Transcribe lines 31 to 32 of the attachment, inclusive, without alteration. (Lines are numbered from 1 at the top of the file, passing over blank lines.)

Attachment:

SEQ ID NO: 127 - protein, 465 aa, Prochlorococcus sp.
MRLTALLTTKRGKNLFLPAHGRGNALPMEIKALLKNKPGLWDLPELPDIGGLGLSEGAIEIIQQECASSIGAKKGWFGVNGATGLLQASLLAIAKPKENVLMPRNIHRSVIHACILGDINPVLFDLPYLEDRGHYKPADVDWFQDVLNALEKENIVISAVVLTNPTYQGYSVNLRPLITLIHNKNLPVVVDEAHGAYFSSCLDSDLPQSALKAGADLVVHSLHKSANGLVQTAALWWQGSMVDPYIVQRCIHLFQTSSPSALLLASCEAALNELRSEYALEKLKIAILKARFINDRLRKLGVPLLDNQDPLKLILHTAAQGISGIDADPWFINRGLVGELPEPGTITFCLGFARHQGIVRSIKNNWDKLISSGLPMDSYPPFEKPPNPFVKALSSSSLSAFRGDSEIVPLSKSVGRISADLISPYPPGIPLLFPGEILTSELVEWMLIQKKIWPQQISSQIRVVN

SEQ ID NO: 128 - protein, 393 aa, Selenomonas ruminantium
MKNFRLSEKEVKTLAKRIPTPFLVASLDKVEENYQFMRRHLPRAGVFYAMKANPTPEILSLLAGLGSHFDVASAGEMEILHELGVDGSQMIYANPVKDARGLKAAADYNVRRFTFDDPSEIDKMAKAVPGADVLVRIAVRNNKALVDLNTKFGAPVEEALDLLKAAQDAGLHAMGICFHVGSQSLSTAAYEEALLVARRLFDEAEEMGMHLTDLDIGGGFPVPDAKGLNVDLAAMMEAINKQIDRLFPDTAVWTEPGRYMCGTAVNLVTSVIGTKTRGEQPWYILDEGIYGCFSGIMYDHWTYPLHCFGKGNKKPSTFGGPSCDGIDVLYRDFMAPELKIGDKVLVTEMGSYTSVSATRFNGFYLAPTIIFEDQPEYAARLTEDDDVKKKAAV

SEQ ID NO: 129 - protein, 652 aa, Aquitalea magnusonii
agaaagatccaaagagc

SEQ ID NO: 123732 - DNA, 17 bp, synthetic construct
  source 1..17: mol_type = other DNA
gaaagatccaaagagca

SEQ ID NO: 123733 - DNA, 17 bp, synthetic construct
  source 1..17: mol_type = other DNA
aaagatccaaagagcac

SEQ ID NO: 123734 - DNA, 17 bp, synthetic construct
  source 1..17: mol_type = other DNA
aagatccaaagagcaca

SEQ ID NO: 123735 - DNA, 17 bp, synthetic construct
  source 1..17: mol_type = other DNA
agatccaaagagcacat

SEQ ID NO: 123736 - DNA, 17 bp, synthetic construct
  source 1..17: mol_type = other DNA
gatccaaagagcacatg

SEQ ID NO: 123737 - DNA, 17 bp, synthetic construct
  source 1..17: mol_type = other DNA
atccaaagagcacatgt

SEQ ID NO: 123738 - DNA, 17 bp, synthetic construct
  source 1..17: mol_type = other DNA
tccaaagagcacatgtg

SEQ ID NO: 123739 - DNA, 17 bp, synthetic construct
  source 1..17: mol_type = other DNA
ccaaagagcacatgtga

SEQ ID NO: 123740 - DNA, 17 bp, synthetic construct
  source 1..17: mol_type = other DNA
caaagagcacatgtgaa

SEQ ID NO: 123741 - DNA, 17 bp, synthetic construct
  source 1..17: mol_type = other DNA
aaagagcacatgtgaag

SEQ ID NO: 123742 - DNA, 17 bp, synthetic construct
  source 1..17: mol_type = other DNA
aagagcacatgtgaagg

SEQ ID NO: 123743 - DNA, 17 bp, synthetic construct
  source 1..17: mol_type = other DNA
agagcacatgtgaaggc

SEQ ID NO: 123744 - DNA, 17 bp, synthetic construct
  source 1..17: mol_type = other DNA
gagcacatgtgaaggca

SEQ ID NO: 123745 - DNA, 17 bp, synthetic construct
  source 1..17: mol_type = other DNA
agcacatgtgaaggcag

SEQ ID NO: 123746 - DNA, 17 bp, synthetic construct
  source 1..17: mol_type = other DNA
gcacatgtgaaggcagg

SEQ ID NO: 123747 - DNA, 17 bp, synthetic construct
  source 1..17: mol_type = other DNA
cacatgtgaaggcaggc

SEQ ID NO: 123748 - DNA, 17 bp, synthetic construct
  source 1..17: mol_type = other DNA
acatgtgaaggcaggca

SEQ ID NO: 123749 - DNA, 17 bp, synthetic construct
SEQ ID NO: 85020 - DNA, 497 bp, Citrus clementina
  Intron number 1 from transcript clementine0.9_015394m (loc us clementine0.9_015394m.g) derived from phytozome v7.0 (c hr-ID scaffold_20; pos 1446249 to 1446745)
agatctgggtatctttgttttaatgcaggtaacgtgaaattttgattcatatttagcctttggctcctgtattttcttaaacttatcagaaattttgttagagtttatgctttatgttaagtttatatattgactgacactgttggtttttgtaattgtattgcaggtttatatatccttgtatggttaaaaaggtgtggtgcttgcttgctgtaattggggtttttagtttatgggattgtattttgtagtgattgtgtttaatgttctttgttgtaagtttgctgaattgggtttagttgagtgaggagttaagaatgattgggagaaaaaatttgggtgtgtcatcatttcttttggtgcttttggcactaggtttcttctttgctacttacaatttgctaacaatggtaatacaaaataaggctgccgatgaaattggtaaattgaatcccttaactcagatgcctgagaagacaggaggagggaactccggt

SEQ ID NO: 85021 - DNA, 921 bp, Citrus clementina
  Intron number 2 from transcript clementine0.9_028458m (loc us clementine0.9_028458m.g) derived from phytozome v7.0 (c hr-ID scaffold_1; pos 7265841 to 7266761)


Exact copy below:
SEQ ID NO: 123740 - DNA, 17 bp, synthetic construct
  source 1..17: mol_type = other DNA